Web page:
As the world faces a growing food crisis provoked by Russia's invasion of Ukraine, many have looked to South America's "breadbasket" -- major wheat producers Brazil and Argentina, along with Uruguay and Paraguay -- as a possible solution.
But experts and analysts say a variety of factors -- climate, cost, domestic needs -- make such a solution highly unlikely.
Russia and Ukraine alone produce 30 percent of the world's wheat supply.
Moscow's military offensive in Ukraine and subsequent sanctions on Russia have disrupted supplies of fertilizer, wheat and other commodities from both countries, pushing up prices for food and fuel, especially in developing nations.
A suspension of India's exports have further exacerbated the problem.
Here's a look at the major wheat producing countries in South America, and how they might, or might not, be able to help alleviate the crisis:
- Brazil: higher yield, but big needs at home -
Agricultural giant Brazil is due to increase its wheat crop coverage by between three and 11 percent this year, according to Embrapa Wheat, a state-run research unit affiliated with the Brazilian agriculture ministry.
Record prices, surging demand and the "expectation of favorable weather, strengthen the projection of an increase in the planted area" from 2.7 million hectares in 2021 (6.7 million acres) to a little over three million in 2022, said Embrapa Wheat.
But the country of 213 million people is already unable to meet domestic demand -- estimated at 12.7 million tons a year, and rising.
Internal logistical and transport costs have pushed many farmers, particularly in the south, to favor exporting, thus ramping up the need to import.
Brazil is actually the world's eighth largest importer of wheat, most of which (87 percent) comes from Argentina.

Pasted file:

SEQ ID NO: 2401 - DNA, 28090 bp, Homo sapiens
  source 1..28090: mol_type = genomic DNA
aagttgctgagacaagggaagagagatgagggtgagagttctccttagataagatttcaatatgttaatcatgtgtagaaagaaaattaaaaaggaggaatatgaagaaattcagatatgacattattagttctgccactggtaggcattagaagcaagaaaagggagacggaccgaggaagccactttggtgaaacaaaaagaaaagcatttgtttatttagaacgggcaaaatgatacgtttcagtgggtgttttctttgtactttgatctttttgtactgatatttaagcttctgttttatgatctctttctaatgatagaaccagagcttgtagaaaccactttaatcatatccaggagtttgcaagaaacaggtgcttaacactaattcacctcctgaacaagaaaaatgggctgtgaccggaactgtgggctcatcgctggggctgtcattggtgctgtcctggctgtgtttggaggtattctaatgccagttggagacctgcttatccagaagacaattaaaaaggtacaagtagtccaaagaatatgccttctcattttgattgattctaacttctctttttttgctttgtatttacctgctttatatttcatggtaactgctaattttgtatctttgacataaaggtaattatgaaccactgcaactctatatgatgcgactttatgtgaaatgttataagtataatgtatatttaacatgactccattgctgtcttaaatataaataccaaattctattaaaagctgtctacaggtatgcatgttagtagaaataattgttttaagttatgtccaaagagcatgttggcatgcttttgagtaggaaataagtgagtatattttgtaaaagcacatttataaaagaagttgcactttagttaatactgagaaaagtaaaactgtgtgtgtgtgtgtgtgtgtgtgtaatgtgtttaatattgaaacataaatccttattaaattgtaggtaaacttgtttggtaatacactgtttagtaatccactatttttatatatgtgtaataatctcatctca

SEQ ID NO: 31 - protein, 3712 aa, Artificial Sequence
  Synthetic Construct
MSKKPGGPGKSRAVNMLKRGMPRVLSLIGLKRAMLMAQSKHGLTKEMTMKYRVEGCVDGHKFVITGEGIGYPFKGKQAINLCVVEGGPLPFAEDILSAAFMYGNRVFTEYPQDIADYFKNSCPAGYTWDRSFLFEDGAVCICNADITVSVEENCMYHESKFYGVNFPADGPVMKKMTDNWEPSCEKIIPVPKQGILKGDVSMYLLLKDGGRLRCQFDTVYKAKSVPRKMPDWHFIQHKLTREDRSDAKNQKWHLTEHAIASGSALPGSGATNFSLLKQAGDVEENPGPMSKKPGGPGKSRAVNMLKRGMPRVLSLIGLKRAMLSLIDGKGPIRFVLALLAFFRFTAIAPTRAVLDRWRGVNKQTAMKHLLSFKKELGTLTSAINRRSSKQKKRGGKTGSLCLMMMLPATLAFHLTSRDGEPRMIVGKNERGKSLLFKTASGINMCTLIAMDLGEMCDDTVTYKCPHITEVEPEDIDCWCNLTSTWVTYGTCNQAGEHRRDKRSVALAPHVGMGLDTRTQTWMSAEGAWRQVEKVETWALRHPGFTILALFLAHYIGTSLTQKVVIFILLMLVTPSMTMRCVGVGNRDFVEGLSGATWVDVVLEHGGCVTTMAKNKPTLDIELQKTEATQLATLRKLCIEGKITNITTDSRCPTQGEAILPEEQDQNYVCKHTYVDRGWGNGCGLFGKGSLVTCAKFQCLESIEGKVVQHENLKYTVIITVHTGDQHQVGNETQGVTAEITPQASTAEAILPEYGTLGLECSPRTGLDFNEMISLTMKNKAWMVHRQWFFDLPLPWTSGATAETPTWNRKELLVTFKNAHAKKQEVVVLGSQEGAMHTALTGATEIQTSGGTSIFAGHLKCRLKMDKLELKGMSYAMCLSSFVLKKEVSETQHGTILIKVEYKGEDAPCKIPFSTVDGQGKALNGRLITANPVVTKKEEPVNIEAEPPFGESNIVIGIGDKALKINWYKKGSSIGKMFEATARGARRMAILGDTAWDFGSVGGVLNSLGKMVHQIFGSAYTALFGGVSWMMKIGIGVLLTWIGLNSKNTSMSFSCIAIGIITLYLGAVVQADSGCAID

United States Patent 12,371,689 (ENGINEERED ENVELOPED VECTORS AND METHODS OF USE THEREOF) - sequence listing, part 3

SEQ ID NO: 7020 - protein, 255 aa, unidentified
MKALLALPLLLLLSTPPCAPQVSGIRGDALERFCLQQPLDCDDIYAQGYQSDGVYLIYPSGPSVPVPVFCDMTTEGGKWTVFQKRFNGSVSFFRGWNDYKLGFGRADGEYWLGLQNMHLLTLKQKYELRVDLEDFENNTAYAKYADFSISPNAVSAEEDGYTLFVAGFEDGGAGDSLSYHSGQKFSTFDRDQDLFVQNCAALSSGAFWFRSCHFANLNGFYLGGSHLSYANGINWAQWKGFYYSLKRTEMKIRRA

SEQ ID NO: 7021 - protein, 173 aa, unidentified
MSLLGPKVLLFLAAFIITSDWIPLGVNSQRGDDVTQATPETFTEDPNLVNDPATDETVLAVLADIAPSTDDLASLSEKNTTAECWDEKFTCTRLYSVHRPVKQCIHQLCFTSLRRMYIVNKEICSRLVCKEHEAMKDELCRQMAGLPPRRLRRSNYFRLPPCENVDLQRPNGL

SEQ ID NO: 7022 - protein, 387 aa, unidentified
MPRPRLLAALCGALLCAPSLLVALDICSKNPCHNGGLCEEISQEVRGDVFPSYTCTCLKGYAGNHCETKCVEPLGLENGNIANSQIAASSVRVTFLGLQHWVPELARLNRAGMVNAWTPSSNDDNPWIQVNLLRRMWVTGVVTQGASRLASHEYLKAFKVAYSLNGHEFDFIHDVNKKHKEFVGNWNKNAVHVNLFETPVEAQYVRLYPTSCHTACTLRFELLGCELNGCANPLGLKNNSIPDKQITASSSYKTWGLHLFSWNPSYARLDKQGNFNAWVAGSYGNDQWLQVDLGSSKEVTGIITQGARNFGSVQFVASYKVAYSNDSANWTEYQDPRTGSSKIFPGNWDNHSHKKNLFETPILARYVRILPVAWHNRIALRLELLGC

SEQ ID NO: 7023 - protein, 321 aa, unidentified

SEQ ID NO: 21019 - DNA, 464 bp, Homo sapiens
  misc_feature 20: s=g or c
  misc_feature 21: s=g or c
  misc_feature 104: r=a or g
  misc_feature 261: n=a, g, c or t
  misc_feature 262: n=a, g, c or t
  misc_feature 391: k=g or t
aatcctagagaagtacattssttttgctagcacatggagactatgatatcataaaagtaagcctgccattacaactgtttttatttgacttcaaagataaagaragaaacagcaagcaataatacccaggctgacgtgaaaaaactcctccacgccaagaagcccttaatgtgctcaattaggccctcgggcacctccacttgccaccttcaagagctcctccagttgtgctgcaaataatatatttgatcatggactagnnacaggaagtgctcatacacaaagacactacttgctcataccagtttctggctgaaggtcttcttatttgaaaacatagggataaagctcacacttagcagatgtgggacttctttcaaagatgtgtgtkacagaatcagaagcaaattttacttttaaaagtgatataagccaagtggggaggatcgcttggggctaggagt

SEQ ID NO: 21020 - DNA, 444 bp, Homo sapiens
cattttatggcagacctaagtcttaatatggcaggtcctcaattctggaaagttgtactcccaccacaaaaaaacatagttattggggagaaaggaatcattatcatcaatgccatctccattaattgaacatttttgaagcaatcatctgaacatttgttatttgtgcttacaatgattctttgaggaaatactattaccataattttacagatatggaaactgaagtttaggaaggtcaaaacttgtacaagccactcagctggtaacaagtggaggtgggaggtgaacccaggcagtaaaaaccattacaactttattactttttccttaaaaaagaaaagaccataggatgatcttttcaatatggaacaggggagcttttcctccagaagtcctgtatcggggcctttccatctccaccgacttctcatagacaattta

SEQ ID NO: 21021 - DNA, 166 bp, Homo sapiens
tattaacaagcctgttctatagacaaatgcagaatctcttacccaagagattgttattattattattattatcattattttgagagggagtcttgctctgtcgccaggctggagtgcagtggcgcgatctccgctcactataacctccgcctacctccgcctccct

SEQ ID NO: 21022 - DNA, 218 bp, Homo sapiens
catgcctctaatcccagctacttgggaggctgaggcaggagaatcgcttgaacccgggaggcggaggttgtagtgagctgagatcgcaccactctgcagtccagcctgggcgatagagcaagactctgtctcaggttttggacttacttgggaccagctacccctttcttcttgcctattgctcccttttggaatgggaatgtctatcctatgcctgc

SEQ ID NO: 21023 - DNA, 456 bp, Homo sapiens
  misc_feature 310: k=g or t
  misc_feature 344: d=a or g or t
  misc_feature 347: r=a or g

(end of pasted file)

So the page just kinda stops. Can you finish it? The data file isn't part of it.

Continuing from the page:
- Argentina: lack of water reserves -
Argentina, home to 45 million people, is also traditionally a major wheat producer -- but current climatic conditions are unfavorable, meaning it is unlikely to help fill the global void.
"We expect about an eight percent drop in the land area planted with wheat," Tomas Rodriguez Zurro, an analyst at the Rosario grains exchange, told AFP.
That amounts to a drop from 6.8 million to 6.3 million hectares, due mostly to a drought affecting the country, Rodriguez Zurro explained.
"In general, we plant wheat to then plant soybean, but the water reserves are very low, so the producers don't want to risk planting wheat in case it reduces the humidity reserves even more" for subsequent plantings, said Rodriguez Zurro.
On top of that, farmers say they will use less fertilizer due to soaring prices -- another factor limiting production, the analyst said.
Russia is the world's largest exporter of fertilizers with more than 12 percent of the global market, but its sales have been virtually paralyzed by sanctions.
- Paraguay and Uruguay: small global impact -
Both Paraguay, a country of 7.5 million, and Uruguay (population: 3.5 million) enjoy good wheat yields -- but they have a much smaller global impact and neither expects to increase production.
"Wheat production is expensive, very expensive," said a source at Uruguay's agriculture ministry.
Farmers there expect a yield "similar to last year, or slightly higher," the source said -- a total that should satisfy domestic demand and allow exports to remain at roughly one million tons a year.
In Paraguay, production should also remain stable, according to Hector Cristaldo, president of Paraguay's farmers' union, but he added: "Our volumes are not significant on the world stage."
Paraguay consumes 700,000 tons and exports as much again, almost exclusively to Brazil.
In mid-May, when India banned exports, wheat reached a record price of 438.25 euros ($456.68) per ton in European trading.